Appeals court arguments heard in son killing casePosted: Updated:
PHOENIX (AP) -- A retired detective shouldn't be forced to testify at the retrial of an Arizona mother who is charged with having her son killed in 1989 because he could face perjury or other charges himself after a federal court accused him of misconduct, the man's lawyer argued Wednesday before the state Court of Appeals.
"The message is simply this," attorney Treasure Van Dreumel told the three-judge panel. "If, under the law, it's possible to prosecute him, than that is sufficient for invocation of the Fifth Amendment."
Authorities say Debra Milke had two men shoot her 4-year-old son in the desert outside Phoenix. She was found guilty in 1990 and spent more than two decades on death row before a federal appeals court last year overturned her first-degree murder conviction, setting the stage for a 2015 retrial.
Milke has since been released on bond.
The original case against Milke rested largely on her purported confession, which now-retired Phoenix police Detective Armando Saldate did not record. That left jurors with his word alone that she told him about her involvement. Milke has maintained her innocence and denied she ever confessed.
In its ruling overturning Milke's conviction, the 9th U.S. Circuit Court of Appeals cited, in part, the prosecution's failure to reveal evidence that could have called Saldate's credibility into question.
The court cited numerous instances in which he committed misconduct in previous cases, including lying under oath and violating suspects' rights - details that were not provided to Milke's defense lawyers during her trial. The federal appeals court also asked the Justice Department to investigate whether Saldate had committed civil rights violations.
Saldate did not attend Wednesday's hearing and has not returned repeated phone calls from The Associated Press. He now claims he fears potential federal charges if he testifies again based on the appeals-court accusations of misconduct.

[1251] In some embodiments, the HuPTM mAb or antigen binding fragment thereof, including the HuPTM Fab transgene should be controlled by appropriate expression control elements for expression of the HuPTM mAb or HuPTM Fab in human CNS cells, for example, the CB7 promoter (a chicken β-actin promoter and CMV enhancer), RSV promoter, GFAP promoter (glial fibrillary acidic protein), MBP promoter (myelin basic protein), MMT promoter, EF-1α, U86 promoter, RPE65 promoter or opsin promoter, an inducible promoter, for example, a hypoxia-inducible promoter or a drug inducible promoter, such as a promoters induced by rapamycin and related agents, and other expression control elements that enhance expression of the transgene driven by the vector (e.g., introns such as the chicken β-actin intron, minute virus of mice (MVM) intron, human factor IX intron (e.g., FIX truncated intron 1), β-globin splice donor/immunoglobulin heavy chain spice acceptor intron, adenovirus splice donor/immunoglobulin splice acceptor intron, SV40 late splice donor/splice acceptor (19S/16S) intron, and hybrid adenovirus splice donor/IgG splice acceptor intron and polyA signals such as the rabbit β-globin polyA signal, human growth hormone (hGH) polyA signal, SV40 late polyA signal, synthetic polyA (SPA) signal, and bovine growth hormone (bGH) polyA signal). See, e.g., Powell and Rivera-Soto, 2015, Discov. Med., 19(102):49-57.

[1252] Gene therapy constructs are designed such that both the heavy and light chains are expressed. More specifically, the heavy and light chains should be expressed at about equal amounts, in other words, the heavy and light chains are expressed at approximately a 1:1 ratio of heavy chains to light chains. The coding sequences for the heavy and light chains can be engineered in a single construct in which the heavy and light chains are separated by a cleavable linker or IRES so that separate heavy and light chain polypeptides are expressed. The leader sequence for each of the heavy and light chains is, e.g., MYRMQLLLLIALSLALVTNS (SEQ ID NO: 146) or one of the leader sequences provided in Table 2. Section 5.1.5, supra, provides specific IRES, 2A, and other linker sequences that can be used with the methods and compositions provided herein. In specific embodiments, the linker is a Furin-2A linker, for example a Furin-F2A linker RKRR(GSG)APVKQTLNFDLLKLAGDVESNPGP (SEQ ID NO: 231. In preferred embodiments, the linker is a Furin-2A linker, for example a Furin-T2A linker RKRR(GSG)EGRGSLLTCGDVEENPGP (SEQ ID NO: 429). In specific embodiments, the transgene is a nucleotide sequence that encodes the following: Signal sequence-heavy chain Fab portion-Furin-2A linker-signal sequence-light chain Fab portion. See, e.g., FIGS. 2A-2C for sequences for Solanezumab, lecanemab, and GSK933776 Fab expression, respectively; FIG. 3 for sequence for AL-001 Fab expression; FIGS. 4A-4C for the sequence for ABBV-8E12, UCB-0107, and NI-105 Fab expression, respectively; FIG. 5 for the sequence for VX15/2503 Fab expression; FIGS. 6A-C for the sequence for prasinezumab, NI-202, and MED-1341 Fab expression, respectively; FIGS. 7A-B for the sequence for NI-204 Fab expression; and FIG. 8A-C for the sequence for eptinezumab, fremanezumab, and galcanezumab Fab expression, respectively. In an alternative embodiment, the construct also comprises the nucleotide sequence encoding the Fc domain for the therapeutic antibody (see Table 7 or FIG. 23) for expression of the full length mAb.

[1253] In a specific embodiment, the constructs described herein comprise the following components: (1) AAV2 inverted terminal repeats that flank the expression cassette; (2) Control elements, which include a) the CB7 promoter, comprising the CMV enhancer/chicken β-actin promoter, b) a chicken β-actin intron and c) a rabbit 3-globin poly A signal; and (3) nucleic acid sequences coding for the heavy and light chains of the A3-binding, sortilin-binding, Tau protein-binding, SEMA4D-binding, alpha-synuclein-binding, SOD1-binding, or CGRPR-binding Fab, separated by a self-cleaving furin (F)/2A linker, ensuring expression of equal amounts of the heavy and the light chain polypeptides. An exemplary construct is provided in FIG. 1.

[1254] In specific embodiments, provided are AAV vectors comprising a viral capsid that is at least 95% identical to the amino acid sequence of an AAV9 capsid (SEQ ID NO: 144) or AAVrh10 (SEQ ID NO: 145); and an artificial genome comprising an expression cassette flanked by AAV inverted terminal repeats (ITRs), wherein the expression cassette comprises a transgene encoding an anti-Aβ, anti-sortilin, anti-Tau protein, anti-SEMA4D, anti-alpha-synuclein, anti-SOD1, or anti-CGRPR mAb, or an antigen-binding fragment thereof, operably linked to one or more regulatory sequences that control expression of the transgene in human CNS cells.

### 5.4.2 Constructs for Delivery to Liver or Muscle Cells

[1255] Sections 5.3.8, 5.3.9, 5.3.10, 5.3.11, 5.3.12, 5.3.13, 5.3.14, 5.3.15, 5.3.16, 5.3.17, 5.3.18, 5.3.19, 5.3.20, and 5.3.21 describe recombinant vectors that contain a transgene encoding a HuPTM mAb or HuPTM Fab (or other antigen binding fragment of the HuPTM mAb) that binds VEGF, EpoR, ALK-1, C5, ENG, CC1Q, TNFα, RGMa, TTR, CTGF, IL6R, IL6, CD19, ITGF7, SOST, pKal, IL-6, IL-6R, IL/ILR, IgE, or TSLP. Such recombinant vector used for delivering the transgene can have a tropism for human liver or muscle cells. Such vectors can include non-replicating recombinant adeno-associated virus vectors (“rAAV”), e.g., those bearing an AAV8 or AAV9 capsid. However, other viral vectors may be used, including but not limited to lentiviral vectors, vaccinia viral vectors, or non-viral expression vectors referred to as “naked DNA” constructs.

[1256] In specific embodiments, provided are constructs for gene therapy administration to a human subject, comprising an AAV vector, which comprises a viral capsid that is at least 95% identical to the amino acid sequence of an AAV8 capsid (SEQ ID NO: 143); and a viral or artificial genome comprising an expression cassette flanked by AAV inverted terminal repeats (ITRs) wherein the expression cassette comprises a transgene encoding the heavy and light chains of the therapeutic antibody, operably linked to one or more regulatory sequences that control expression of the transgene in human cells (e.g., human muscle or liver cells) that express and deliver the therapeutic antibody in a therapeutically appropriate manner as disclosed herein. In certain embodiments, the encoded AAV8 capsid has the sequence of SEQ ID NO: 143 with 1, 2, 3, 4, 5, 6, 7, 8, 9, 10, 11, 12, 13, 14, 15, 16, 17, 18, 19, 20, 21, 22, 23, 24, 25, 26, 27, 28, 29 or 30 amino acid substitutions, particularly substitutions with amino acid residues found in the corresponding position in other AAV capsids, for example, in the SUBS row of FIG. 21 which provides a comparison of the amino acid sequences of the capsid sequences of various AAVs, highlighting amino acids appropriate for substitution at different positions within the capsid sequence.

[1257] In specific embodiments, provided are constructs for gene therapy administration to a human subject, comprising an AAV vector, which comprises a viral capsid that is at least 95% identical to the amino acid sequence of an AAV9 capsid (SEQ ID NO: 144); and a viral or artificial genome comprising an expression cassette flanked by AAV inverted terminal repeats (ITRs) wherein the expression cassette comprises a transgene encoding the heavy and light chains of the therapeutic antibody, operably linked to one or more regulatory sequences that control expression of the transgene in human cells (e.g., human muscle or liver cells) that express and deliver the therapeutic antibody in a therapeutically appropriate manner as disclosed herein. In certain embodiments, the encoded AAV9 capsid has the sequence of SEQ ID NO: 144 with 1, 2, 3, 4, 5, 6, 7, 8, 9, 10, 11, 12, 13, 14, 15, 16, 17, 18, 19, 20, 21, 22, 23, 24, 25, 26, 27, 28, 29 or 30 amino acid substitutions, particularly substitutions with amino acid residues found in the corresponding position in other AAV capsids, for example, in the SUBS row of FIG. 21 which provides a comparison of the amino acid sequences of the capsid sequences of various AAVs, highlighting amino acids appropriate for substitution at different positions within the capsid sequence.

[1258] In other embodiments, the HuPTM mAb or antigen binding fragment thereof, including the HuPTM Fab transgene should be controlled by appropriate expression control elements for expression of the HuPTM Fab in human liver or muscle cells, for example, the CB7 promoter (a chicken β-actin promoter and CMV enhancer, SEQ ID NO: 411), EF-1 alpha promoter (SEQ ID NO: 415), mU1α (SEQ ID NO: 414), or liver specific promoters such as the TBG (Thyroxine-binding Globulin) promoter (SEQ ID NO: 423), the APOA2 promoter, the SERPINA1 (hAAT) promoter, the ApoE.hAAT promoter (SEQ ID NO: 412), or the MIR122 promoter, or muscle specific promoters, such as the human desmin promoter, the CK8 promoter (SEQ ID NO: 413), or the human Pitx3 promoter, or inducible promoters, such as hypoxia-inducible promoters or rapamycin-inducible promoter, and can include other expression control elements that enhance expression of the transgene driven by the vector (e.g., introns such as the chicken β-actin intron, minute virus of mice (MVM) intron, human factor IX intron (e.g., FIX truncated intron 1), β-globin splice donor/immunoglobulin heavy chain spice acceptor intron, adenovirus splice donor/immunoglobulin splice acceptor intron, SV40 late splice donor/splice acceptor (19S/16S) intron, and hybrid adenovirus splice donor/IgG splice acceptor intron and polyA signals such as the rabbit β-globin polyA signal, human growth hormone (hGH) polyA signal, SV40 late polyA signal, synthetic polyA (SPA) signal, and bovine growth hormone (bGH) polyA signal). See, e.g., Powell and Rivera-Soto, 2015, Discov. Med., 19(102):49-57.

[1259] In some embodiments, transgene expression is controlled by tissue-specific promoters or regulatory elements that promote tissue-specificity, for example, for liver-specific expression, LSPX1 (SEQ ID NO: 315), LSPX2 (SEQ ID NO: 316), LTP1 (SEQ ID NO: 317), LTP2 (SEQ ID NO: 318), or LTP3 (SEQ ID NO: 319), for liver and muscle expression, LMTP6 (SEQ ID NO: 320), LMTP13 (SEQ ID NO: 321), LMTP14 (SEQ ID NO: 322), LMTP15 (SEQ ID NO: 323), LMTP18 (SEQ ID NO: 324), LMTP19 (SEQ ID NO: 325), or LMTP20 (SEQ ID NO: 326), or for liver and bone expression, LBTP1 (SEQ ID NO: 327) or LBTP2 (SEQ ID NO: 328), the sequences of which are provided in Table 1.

In December, Superior Court Judge Rosa Mroz granted Saldate's request to assert his Fifth Amendment right, allowing him to refuse to take the stand at Milke's retrial.
Prosecutors are asking the state Court of Appeals to reverse that ruling and force him to testify again.
Without Saldate's testimony, Mroz has said, the purported confession would most likely not be allowed at Milke's retrial, effectively gutting the state's case.
Saldate has no reasonable fear of prosecution after both county and federal authorities informed him that they don't intend to seek charges based on any of the accusations leveled by the federal appeals court, Diane Meloche of the Maricopa County Attorney's Office told the appellate judges on Wednesday.
"In this case, we don't have to speculate on the possibility of harm from prosecution," Meloche said, noting that Saldate must have a reasonable fear of being charged in order to be allowed to assert his Fifth Amendment right.
There is no evidence to charge him with any crimes, she said.
"We can't prosecute," Meloche said.
However, Saldate's attorney argued there are no guarantees he wouldn't face charges in the future based on his testimony at the retrial.
If, as defense attorneys work to chip away at his credibility, Saldate testifies at the retrial and admits that he lied on the stand previously, as the federal appeals court contended, he could be charged with perjury, Van Dreumel said. If he denies having falsely testified in the past, he could also face perjury charges, she added.
"The question, with all due respect, is not whether some prosecutor wants to prosecute," Van Dreumel argued. "The question is whether he can be prosecuted."
The state Appeals Court did not immediately issue a ruling.
Milke's defense attorneys, meanwhile, are seeking dismissal of the entire case against her, noting in a previous motion that "the only direct evidence linking defendant to the crimes is the defendant's alleged confession to Saldate."
Milke, whose mother was a German who married a U.S. Air Force military policeman in Berlin in the early 1960s, has drawn strong support from citizens of that nation and Switzerland, neither of which has the death penalty.
The two men convicted in the child's death did not testify against Milke and remain on death row.
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